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In the last decade, economic sanctions have become a major instrumentality of the UN Security Council in the struggle against terrorism and lawless violence endangering peace. It is not surprising that innocents would be ensnarled, along with culprits, in the nets of the so-called "smart" or "targeted" sanctions, which are directed against named individuals and groups (as opposed to delinquent States). In such rare cases, as the individual concerned searches for a legal remedy, significant issues of fundamental human rights may arise at the levels of the international, regional, and national legal orders. This essay explores these issues. After examining broader questions surrounding international legal constraints that operate on UN authority, this article turns to a discussion of the UN's sanctions regime and the issues raised in recent litigation in the European Courts surrounding implementation of that regime in the European Union and its Member States.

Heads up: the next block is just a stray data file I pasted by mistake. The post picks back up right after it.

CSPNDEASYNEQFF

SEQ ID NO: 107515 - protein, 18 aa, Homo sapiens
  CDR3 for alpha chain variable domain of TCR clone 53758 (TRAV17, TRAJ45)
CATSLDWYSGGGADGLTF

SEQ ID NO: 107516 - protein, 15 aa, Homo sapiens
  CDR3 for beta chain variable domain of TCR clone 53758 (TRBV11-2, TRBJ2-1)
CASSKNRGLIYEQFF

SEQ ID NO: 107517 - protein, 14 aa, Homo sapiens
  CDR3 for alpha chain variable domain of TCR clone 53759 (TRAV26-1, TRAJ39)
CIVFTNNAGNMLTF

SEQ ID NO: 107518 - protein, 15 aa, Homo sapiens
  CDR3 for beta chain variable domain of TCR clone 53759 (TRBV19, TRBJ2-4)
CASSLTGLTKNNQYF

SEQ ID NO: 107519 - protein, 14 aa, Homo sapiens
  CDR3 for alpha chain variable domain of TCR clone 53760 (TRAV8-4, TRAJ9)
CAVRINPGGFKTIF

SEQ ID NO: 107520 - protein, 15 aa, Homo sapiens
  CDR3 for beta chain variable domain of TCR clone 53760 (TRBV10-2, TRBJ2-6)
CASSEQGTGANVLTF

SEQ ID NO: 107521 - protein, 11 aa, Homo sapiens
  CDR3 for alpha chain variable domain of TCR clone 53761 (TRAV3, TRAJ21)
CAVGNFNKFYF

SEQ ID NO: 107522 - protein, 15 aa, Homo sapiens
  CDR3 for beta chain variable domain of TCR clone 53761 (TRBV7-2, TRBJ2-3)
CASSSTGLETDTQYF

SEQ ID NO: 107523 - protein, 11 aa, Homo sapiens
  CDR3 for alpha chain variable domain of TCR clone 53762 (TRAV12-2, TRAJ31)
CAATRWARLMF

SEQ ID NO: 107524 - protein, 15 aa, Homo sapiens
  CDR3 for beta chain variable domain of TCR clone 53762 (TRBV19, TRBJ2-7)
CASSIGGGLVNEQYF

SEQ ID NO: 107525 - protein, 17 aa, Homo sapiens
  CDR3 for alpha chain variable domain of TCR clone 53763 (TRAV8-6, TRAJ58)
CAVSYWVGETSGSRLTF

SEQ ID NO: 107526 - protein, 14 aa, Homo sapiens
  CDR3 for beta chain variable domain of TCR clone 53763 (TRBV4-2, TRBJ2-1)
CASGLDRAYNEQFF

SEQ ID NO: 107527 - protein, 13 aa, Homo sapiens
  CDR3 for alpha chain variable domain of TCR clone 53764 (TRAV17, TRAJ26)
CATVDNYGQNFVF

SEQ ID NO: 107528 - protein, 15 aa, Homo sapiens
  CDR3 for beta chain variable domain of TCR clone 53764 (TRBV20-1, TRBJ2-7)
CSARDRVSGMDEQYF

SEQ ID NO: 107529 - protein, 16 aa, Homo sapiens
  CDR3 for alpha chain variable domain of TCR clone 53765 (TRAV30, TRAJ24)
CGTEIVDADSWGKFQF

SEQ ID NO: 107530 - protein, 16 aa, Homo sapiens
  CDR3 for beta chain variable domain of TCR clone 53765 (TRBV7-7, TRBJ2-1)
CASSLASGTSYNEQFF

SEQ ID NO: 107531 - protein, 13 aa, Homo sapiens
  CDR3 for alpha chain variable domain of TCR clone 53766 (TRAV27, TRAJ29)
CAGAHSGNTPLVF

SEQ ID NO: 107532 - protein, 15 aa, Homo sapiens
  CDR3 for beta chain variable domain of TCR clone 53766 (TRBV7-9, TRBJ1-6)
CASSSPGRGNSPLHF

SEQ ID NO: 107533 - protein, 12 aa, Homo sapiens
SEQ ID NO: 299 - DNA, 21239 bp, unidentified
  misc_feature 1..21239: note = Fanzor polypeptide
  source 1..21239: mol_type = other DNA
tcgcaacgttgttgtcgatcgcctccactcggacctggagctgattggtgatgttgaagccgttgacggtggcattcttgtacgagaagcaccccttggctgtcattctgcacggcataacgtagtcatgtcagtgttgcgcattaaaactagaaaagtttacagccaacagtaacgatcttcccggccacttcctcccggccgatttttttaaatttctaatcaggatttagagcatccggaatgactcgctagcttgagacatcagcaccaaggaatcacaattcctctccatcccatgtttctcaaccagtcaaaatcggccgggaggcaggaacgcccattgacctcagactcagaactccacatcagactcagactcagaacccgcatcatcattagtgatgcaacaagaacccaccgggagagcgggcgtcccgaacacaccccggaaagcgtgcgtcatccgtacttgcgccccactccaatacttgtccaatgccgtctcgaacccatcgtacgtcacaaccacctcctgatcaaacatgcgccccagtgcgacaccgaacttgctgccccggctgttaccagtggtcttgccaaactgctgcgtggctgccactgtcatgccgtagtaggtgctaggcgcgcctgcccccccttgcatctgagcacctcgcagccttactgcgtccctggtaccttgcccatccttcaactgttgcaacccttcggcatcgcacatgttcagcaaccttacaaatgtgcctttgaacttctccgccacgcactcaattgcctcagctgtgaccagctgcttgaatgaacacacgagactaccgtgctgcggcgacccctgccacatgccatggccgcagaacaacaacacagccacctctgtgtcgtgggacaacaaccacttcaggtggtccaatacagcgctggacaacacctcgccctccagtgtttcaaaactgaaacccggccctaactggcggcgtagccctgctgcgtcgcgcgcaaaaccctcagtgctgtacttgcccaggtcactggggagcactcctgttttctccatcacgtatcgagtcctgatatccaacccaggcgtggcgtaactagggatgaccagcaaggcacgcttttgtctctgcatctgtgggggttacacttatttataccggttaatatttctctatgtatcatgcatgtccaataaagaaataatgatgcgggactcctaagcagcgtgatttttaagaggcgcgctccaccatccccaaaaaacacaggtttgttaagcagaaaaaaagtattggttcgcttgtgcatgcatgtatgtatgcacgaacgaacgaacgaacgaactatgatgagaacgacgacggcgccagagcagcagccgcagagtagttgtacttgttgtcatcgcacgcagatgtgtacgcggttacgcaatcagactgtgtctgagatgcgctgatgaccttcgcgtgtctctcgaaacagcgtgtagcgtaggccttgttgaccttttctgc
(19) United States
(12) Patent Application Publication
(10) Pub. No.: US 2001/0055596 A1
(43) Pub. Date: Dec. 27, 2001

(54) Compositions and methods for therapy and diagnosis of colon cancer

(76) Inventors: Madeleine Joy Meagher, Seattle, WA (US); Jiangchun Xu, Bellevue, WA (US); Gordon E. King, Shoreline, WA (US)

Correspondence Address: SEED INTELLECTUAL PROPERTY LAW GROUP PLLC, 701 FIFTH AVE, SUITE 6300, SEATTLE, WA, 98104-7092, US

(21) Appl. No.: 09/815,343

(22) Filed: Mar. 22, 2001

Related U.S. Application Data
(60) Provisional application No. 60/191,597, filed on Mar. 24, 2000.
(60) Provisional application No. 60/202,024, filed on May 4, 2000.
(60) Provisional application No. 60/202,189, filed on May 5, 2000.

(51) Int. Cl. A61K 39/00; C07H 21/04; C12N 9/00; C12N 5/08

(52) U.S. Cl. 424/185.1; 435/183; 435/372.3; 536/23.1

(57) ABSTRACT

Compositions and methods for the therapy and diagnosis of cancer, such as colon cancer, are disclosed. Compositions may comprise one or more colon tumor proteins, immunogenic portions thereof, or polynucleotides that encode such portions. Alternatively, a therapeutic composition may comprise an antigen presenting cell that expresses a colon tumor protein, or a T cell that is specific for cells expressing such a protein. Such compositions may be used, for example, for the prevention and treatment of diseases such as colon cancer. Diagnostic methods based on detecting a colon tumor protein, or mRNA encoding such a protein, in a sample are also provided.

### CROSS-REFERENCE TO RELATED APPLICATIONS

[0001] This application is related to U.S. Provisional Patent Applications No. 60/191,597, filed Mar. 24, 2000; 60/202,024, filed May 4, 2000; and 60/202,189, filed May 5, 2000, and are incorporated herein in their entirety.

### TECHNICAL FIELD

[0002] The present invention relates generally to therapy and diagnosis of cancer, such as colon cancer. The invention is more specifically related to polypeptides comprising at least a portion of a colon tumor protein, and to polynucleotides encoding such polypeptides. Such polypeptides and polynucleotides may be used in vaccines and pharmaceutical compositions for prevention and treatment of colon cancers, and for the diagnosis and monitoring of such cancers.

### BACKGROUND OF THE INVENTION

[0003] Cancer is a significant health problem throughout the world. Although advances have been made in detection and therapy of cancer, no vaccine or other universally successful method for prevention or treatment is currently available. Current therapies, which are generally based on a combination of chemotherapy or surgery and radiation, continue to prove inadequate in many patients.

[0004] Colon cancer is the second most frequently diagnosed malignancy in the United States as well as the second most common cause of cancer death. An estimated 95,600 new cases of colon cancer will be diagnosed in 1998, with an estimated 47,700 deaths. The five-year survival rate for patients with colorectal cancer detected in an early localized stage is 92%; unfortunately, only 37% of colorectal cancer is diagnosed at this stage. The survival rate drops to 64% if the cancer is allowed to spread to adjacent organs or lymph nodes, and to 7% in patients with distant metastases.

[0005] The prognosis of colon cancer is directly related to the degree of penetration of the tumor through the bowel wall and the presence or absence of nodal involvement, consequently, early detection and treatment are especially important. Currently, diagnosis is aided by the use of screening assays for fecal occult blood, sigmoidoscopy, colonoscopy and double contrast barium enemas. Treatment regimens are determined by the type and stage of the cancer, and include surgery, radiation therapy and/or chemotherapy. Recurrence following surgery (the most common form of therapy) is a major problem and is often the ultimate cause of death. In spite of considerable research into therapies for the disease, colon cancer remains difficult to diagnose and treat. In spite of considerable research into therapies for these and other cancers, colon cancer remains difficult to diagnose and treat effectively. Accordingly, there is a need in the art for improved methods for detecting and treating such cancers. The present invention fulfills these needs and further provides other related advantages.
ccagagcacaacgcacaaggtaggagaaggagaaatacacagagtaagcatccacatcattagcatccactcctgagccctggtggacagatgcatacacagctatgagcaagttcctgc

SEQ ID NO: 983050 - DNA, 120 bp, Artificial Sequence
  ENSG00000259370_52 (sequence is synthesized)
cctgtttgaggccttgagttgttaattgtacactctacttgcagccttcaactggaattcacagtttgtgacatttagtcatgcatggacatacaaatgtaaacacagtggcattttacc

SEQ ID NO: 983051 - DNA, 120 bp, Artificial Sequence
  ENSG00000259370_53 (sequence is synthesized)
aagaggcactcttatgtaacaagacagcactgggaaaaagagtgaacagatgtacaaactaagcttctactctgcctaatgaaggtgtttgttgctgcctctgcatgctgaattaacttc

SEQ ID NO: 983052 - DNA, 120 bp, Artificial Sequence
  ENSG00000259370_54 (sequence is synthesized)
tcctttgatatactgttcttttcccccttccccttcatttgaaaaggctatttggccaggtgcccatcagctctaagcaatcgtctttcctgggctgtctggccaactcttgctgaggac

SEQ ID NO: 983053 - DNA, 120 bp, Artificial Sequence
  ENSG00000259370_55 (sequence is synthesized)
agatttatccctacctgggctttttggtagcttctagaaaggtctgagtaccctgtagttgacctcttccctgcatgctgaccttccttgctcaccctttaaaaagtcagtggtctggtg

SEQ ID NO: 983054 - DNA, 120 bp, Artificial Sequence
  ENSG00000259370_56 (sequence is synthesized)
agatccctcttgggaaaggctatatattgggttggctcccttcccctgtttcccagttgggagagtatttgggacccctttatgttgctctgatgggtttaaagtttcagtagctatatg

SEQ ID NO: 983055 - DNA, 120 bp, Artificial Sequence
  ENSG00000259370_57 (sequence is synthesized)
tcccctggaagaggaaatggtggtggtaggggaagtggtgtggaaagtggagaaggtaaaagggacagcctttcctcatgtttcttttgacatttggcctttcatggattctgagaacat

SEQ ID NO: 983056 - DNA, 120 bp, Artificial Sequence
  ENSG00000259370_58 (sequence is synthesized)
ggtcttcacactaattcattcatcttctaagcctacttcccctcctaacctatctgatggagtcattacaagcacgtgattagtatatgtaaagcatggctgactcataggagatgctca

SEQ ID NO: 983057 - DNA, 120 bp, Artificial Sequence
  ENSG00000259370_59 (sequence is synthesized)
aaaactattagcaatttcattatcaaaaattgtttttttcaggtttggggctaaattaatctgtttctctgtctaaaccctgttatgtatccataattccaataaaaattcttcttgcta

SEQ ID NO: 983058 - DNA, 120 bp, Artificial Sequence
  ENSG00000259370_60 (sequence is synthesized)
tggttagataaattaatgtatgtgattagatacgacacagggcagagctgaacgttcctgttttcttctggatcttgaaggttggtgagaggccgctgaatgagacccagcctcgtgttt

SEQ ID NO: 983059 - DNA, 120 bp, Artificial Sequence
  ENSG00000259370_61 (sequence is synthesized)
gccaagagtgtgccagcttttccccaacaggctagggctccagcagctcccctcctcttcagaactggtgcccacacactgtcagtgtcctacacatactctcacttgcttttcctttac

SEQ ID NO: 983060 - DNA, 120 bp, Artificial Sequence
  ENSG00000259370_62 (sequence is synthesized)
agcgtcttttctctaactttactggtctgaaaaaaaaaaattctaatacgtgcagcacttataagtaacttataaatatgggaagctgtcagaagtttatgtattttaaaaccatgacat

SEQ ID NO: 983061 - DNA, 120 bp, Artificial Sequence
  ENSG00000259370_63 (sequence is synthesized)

Reprinted from Common Market Law Review 46, no. 1 (2009): 13-72, with permission of Kluwer Law International.